Tuesday, 18 April 2017

Taking Water for Granted

A scenic view of the Dongjiang dam in Guangdong province
Why is Hong Kong so dependent on China for our water supply?

The Hong Kong government seems to think it has a good deal, getting 80 percent of our water from Dongjiang in Guangdong since 1965 for a lump sum each year.

But now the cost is going up 20 percent to HK$13.4 billion for three years, as the current agreement expires later this year.

Hong Kong lawmakers visited Dongjiang last week
On a recent trip to the river, pan-democratic lawmakers determined this is too expensive and too much water. We annually get 820 million cubic metres, but Democratic Party lawmaker Helena Wong Pik-wan says Hong Kong only used 75 percent of the water last year, 80 percent most years.

"No matter how much you use, you are paying for this fixed amount. But in reality, do we really need that much water? In the past 10 years, there was only one year when we used up some 90 percent of the guaranteed water supply."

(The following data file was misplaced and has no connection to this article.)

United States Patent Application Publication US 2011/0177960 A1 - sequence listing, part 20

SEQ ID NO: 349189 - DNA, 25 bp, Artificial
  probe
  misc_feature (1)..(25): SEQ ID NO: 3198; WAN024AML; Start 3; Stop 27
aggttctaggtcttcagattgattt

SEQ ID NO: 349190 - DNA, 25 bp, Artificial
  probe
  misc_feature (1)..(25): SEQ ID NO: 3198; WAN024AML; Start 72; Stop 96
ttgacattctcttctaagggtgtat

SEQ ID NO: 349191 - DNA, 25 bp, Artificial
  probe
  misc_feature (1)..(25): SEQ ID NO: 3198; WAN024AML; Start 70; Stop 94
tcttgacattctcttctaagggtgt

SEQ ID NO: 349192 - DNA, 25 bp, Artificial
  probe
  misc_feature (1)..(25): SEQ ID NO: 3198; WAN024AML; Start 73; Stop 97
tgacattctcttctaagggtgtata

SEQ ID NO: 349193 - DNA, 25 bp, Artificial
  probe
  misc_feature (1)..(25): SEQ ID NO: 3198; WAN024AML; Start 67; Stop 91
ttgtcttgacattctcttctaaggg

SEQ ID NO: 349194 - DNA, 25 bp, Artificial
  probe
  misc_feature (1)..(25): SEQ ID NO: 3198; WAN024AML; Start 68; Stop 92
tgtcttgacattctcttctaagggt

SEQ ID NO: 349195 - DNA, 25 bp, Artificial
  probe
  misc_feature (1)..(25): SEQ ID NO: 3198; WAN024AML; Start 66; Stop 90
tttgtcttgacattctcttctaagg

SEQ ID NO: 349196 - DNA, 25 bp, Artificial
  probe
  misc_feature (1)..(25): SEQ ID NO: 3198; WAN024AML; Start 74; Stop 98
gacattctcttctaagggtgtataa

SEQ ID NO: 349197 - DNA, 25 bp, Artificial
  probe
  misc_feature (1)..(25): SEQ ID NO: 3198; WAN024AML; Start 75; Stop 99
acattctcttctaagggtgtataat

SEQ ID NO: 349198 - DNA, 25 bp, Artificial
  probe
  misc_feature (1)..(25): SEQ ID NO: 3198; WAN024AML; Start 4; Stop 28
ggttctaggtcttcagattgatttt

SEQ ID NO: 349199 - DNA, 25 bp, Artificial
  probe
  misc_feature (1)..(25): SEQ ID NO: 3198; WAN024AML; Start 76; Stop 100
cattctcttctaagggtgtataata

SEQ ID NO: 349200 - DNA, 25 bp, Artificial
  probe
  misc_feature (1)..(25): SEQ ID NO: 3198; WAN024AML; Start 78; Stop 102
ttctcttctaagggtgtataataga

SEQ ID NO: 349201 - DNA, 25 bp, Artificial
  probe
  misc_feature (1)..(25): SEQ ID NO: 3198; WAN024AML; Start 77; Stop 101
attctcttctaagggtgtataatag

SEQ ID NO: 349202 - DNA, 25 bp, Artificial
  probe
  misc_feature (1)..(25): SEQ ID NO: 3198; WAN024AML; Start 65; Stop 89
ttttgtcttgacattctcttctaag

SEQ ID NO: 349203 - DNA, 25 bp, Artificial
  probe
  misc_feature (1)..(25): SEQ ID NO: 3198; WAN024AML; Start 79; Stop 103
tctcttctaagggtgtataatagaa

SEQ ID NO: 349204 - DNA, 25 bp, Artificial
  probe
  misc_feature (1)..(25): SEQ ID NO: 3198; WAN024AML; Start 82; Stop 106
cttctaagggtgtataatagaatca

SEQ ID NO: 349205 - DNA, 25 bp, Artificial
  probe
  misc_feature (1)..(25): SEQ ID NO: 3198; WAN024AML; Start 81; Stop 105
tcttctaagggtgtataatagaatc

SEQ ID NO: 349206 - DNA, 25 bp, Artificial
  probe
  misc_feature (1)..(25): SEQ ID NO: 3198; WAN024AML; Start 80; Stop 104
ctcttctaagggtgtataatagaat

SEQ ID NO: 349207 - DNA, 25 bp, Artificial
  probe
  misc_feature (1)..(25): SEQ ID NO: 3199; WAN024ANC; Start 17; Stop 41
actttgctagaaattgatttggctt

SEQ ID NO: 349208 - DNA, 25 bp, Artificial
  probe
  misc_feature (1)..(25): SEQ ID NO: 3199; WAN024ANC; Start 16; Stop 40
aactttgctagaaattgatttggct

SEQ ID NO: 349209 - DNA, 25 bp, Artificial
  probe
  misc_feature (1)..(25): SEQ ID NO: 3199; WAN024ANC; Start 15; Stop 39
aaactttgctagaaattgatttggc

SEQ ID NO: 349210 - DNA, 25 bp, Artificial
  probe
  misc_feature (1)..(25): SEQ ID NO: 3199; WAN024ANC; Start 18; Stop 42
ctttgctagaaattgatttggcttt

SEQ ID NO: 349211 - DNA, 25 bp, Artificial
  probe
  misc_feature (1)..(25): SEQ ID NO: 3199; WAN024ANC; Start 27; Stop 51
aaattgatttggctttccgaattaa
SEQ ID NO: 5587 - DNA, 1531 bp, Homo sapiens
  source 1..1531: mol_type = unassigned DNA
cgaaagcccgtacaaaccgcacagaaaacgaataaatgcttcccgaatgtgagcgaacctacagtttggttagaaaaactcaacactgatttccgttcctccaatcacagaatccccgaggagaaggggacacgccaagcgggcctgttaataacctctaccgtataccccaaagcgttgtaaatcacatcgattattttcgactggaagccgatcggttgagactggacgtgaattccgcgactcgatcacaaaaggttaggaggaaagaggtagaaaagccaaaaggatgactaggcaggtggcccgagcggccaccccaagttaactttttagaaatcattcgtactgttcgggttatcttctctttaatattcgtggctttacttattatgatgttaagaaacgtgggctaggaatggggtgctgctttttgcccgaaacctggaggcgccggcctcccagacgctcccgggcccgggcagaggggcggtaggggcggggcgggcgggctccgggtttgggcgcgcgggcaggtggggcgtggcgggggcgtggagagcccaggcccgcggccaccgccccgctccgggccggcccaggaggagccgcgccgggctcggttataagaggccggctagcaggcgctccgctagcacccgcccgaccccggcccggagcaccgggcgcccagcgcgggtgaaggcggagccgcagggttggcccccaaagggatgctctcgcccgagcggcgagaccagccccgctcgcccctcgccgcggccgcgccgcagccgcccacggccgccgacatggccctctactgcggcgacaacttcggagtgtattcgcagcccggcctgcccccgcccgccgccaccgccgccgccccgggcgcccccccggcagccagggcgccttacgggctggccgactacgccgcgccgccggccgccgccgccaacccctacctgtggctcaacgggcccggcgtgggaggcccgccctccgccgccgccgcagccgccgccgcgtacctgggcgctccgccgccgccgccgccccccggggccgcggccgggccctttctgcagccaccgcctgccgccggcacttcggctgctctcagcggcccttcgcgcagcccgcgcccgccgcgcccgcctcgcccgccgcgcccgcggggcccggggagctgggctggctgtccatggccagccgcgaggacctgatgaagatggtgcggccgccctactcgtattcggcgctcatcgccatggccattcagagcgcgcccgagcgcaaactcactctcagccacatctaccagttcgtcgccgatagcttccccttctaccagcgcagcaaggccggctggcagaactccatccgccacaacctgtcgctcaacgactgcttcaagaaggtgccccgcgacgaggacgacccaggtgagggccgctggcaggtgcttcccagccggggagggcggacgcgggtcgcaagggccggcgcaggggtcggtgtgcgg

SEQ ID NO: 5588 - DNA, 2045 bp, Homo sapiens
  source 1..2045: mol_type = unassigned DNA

She added it was unfair that Shenzhen was paying less than HK$1 per cubic metre of Dongjiang water, while Hong Kong was paying about five times the amount.

Wong felt the current agreement needs to be changed. But will the Guangdong authorities adjust the rate and volume?

In reality we are paying too little for the water. The only way we can get people to conserve water is to make the commodity more expensive. For example, restaurants pay the same water rate as residents which is ridiculously cheap for them.

Massive pipes transporting water to Hong Kong
We also need to find our own sources of water -- why are we so dependent on China for our water? The country itself doesn't have enough clean water, meanwhile we are frittering the resource away and paying too much for it.

It makes no sense.

Singapore used to be dependent on Malaysia for water, with an 80-20 ratio much like Hong Kong and Guangdong. But it's since been reversed, with the Lion City capturing more rain water in reservoirs and having water treatment plants to recycle waste water.

Why aren't we doing the same?

Or is this a political kowtow to the motherland?


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